16 Awesome Crater Lake National Park Facts Most People Don’t Know

Chip and Dale courtesy of Mike Edwards
crater lake
Image courtesy of Jasman Mander / Mander Studio

One of the most fascinating places in the whole world is right here in Oregon, and it’s known as Crater Lake National Park. Crater Lake is known as one of the seven wonders of Oregon. Probably the most talked about tourist attraction in Oregon, 500,000 people come yearly to see this magnificent body of water which stretches 183,224 acres in southern Oregon. The origins of Crater Lake date back millions of years.

 

 

1. A man in Kansas led to Crater Lake being designated as a national park.

Wikipedia
Wikipedia

William Gladstone Steel is considered to be the “Father of Crater Lake” and first read about Crater Lake in a newspaper as a child, back in 1870 while living in Kansas. He dreamed to visit the lake one day, and got his chance in 1885. Steel vowed to have Crater Lake named as a national park, which eventually happened on May 22, 1902.

 

2. Crater Lake weather is known to be somewhat extreme.

crater lake 2
Image courtesy of Jasman Mander / Mander Studio

From October through June, the park is covered in snow, and is known to stick until around July. Crater Lake averages about 66 inches and the amount of snow is just as impressive. Crater Lake has an average annual snowfall of 44 feet, and during the winter can reach about 18 degrees Fahrenheit, with summer temperatures soaring to 90 degrees Fahrenheit.

Crater Lake weather can be somewhat extreme. During the winter, it can reach about 18 degrees Fahrenheit and during the summer, it soars to 90 degrees Fahrenheit. While it came close to a total freeze in 1985, the last time Crater Lake National Park was completely frozen was almost 30 years ago in 1949.

3. Crater Lake was formed by a volcano.

Painting of eruption of Mount Mazama (image courtesy of National Park Service, Crater Lake)
Painting of eruption of Mount Mazama (image courtesy of National Park Service, Crater Lake)

The history of how this park began is absolutely incredible. Crater Lake sits in the caldera of the collapsed volcano Mount Mazama, and is surrounded by incredible old-growth forests, evergreens, and of course volcano remnants. Mount Mazma formed half a million years ago, and erupted around 7,700 years ago.

4.The mysterious The Old Man Of The Lake.

Old Man Of The Lake (courtesy of Ed Keith / Flickr)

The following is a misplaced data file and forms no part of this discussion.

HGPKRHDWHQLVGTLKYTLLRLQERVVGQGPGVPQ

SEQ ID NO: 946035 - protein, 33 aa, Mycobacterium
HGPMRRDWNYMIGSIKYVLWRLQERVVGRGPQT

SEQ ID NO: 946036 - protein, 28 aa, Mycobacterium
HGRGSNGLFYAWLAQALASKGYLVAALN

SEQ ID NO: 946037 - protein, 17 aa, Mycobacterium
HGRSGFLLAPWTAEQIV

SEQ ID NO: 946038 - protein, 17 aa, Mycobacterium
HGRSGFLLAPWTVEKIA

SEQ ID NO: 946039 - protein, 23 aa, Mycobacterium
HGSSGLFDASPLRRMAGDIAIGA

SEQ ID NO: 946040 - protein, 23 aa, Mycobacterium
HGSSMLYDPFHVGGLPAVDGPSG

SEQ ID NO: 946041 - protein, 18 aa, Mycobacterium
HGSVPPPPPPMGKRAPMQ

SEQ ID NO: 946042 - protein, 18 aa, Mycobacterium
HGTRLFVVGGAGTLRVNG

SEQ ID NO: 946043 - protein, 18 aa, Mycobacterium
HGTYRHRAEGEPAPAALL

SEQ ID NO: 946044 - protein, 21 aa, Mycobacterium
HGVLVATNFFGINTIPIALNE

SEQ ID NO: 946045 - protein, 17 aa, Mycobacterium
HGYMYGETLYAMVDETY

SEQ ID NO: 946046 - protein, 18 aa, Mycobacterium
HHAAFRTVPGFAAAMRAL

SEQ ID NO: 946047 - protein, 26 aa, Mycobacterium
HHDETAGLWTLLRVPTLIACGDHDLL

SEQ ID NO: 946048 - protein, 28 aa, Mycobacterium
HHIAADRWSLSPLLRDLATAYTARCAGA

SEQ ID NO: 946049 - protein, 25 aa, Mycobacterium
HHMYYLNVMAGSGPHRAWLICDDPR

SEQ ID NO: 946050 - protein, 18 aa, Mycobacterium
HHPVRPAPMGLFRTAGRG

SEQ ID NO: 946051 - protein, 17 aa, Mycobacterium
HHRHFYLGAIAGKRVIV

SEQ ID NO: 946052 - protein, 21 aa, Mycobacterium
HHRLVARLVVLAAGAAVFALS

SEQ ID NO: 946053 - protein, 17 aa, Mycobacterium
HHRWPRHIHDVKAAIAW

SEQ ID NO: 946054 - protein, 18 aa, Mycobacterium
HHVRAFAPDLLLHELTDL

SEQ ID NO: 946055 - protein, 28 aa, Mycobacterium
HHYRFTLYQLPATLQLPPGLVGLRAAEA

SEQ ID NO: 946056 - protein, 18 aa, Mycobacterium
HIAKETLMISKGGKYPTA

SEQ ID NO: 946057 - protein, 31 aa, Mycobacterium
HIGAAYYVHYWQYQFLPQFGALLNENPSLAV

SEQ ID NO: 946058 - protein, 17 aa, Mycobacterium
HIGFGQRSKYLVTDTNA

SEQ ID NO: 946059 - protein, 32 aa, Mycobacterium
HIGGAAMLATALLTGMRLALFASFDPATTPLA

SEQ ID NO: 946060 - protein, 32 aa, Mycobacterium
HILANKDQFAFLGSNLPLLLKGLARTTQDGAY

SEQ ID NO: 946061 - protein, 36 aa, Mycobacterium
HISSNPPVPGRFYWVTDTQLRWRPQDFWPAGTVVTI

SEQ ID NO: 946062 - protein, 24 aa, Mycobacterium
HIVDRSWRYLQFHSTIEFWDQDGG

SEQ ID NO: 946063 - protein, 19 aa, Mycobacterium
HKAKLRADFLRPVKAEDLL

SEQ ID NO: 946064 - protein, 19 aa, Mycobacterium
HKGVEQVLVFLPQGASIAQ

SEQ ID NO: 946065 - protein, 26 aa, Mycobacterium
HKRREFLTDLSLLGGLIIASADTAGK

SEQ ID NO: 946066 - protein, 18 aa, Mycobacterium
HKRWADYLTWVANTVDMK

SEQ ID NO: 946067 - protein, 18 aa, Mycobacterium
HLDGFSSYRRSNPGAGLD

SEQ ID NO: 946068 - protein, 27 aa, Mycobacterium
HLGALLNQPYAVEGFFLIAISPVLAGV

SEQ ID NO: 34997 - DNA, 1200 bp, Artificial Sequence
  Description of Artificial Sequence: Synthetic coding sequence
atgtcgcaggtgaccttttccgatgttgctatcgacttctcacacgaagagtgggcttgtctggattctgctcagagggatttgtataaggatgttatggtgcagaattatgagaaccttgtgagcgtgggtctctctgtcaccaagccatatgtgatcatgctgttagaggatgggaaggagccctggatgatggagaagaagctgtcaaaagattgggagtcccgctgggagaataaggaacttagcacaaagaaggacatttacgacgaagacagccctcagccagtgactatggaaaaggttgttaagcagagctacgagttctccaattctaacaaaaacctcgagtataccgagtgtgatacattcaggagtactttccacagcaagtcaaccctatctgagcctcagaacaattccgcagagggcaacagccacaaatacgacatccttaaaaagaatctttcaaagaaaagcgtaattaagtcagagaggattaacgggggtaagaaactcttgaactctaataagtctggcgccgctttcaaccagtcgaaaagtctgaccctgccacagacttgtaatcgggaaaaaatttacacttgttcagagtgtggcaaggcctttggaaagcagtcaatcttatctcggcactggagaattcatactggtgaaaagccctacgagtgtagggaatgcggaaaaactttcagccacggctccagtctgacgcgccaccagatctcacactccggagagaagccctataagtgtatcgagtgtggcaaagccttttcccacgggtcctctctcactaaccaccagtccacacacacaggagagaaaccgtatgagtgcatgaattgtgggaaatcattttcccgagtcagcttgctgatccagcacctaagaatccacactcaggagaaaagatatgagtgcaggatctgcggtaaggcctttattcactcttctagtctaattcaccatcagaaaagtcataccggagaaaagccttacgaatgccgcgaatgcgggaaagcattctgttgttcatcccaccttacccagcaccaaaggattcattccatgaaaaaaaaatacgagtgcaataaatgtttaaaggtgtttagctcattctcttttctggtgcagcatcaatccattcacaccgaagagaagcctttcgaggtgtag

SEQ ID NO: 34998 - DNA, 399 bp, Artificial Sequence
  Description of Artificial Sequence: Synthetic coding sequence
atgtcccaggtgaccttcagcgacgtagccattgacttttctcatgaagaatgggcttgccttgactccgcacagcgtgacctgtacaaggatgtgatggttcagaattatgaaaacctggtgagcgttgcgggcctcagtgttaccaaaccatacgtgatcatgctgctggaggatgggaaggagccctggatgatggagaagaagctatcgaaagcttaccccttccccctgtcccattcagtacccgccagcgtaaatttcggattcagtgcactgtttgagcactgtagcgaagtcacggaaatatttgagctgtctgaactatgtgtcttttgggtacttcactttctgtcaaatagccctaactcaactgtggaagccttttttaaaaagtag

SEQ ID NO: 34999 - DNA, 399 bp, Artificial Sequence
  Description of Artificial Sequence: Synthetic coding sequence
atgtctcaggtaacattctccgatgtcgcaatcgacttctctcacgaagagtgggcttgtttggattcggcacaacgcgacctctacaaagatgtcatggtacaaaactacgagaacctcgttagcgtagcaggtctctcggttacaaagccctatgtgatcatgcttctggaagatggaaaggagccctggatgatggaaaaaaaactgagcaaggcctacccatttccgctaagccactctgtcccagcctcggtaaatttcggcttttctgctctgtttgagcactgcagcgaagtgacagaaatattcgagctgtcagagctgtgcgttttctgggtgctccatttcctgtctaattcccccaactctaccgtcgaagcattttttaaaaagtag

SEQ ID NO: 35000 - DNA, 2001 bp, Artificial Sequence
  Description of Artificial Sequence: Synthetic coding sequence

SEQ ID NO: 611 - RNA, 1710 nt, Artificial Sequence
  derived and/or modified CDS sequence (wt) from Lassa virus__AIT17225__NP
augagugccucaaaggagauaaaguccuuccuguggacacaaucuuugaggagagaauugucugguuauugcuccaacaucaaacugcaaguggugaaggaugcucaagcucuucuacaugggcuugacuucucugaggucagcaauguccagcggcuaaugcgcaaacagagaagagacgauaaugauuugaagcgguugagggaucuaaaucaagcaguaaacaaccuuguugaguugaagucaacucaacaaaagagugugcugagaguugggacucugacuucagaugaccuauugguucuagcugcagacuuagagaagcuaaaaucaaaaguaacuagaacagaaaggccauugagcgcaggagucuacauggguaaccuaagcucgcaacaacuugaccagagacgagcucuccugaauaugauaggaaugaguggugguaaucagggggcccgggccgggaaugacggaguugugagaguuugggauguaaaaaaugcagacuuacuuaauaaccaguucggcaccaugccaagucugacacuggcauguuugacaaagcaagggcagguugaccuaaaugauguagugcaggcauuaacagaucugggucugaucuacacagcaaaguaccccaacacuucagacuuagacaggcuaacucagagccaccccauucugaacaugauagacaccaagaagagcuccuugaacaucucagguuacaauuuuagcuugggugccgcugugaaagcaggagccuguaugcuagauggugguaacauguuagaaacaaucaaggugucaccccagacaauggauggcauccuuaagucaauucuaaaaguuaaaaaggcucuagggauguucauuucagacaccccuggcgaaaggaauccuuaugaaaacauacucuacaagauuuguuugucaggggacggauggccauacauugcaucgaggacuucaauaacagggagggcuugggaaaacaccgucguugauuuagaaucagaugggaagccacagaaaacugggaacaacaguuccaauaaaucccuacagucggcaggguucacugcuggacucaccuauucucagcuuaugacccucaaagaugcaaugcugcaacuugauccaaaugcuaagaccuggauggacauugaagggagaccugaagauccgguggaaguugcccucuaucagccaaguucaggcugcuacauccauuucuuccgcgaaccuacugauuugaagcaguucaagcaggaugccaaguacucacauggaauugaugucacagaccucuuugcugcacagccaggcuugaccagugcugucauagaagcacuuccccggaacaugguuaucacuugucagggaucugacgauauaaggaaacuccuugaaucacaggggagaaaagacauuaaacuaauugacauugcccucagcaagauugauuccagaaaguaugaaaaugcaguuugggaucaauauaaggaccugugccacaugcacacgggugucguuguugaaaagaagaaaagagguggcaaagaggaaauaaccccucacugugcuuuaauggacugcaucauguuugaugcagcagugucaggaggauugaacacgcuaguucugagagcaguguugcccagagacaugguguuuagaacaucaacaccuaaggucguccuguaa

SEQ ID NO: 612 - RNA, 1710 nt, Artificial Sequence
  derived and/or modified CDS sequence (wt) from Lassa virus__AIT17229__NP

Old Man Of The Lake (courtesy of Ed Keith / Flickr)

For reasons unknown, this full-sized tree trump floating vertically in Crater Lake has been here for 120 years. It’s known as The Old Man Of The Lake, an ancient hemlock tree which first appeared in 1902. This was the same year Crater Lake was named a national park. This story is probably the park’s most famous phenomenon.

A geologist by the name of Joseph S. Diller first mentioned seeing the amazing stump six years earlier new Wizard Island at Crater Lake’s west end, when reporting on the cataclysmic events which shaped the area. In 1929, William Gladstone Steel mentioned seeing “the great tree, broken squarely off and floating upright.”

5. Crater Lake is surprisingly a dangerous place.

chipanddale
Chip and Dale courtesy of Mike Edwards Photography

The only national park in Oregon is home to a number of mysterious deaths, with only bones left behind to help us understand what caused their death. One mysterious death goes all the way back to the summer of 1974, 19-year-old Charles McCullar photographer left his home state of Virginia and set out to visit Crater Lake National Park. He left Eugene, Oregon, where he was staying for a few weeks and left on a short excursion, hitchhiking to Crater Lake for some winter photos.

He had planned to return home to his friend’s house two days later, and never returned. You can read more about the mysterious deaths at Crater Lake here.

Crater Lake National Park
Image courtesy of Jasman Mander / Mander Studio

6. Crater Lake is the deepest lake in the United States.

crater lake national park
Image courtesy of Jasman Mander / Mander Studio